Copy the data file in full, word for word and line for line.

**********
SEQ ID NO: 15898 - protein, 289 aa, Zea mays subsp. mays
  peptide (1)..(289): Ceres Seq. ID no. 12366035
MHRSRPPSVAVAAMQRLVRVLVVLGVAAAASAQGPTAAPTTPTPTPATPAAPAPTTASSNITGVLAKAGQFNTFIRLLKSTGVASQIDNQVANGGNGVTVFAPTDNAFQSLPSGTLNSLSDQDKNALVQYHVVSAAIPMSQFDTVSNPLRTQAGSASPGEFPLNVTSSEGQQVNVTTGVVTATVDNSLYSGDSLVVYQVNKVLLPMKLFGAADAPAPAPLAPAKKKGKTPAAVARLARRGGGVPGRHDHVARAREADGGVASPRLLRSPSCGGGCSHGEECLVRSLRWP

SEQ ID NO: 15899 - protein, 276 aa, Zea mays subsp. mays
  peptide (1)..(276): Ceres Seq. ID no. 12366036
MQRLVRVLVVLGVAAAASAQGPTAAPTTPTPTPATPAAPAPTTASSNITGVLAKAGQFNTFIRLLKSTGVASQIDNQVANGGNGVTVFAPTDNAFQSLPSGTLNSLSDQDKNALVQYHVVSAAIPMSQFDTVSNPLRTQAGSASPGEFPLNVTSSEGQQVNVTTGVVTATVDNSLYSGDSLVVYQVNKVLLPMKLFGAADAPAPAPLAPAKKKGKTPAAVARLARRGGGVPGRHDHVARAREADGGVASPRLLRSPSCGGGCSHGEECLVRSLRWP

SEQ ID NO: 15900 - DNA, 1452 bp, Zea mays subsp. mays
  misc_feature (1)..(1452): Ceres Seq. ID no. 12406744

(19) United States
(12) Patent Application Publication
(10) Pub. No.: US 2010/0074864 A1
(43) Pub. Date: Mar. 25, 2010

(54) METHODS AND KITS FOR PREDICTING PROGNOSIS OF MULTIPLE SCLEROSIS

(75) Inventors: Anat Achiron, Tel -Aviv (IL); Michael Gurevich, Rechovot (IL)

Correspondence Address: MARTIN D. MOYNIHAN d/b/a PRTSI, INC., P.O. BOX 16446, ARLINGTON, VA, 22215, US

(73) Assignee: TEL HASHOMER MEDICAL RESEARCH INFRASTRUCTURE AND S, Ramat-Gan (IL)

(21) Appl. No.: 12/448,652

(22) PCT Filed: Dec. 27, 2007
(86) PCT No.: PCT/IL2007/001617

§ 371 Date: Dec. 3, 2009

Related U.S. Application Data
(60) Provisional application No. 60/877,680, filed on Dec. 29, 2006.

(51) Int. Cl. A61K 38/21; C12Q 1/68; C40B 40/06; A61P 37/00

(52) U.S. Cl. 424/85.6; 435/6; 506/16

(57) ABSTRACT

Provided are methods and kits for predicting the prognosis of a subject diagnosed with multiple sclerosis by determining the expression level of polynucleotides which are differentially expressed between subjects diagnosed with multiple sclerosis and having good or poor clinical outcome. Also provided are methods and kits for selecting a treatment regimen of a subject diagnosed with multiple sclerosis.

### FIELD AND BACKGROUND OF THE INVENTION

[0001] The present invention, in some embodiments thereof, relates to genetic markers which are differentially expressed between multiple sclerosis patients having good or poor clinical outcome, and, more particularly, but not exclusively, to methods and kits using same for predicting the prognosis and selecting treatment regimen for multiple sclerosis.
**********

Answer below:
SEQ ID NO: 15898 - protein, 289 aa, Zea mays subsp. mays
  peptide (1)..(289): Ceres Seq. ID no. 12366035
MHRSRPPSVAVAAMQRLVRVLVVLGVAAAASAQGPTAAPTTPTPTPATPAAPAPTTASSNITGVLAKAGQFNTFIRLLKSTGVASQIDNQVANGGNGVTVFAPTDNAFQSLPSGTLNSLSDQDKNALVQYHVVSAAIPMSQFDTVSNPLRTQAGSASPGEFPLNVTSSEGQQVNVTTGVVTATVDNSLYSGDSLVVYQVNKVLLPMKLFGAADAPAPAPLAPAKKKGKTPAAVARLARRGGGVPGRHDHVARAREADGGVASPRLLRSPSCGGGCSHGEECLVRSLRWP

SEQ ID NO: 15899 - protein, 276 aa, Zea mays subsp. mays
  peptide (1)..(276): Ceres Seq. ID no. 12366036
MQRLVRVLVVLGVAAAASAQGPTAAPTTPTPTPATPAAPAPTTASSNITGVLAKAGQFNTFIRLLKSTGVASQIDNQVANGGNGVTVFAPTDNAFQSLPSGTLNSLSDQDKNALVQYHVVSAAIPMSQFDTVSNPLRTQAGSASPGEFPLNVTSSEGQQVNVTTGVVTATVDNSLYSGDSLVVYQVNKVLLPMKLFGAADAPAPAPLAPAKKKGKTPAAVARLARRGGGVPGRHDHVARAREADGGVASPRLLRSPSCGGGCSHGEECLVRSLRWP

SEQ ID NO: 15900 - DNA, 1452 bp, Zea mays subsp. mays
  misc_feature (1)..(1452): Ceres Seq. ID no. 12406744

(19) United States
(12) Patent Application Publication
(10) Pub. No.: US 2010/0074864 A1
(43) Pub. Date: Mar. 25, 2010

(54) METHODS AND KITS FOR PREDICTING PROGNOSIS OF MULTIPLE SCLEROSIS

(75) Inventors: Anat Achiron, Tel -Aviv (IL); Michael Gurevich, Rechovot (IL)

Correspondence Address: MARTIN D. MOYNIHAN d/b/a PRTSI, INC., P.O. BOX 16446, ARLINGTON, VA, 22215, US

(73) Assignee: TEL HASHOMER MEDICAL RESEARCH INFRASTRUCTURE AND S, Ramat-Gan (IL)

(21) Appl. No.: 12/448,652

(22) PCT Filed: Dec. 27, 2007
(86) PCT No.: PCT/IL2007/001617

§ 371 Date: Dec. 3, 2009

Related U.S. Application Data
(60) Provisional application No. 60/877,680, filed on Dec. 29, 2006.

(51) Int. Cl. A61K 38/21; C12Q 1/68; C40B 40/06; A61P 37/00

(52) U.S. Cl. 424/85.6; 435/6; 506/16

(57) ABSTRACT

Provided are methods and kits for predicting the prognosis of a subject diagnosed with multiple sclerosis by determining the expression level of polynucleotides which are differentially expressed between subjects diagnosed with multiple sclerosis and having good or poor clinical outcome. Also provided are methods and kits for selecting a treatment regimen of a subject diagnosed with multiple sclerosis.

### FIELD AND BACKGROUND OF THE INVENTION

[0001] The present invention, in some embodiments thereof, relates to genetic markers which are differentially expressed between multiple sclerosis patients having good or poor clinical outcome, and, more particularly, but not exclusively, to methods and kits using same for predicting the prognosis and selecting treatment regimen for multiple sclerosis.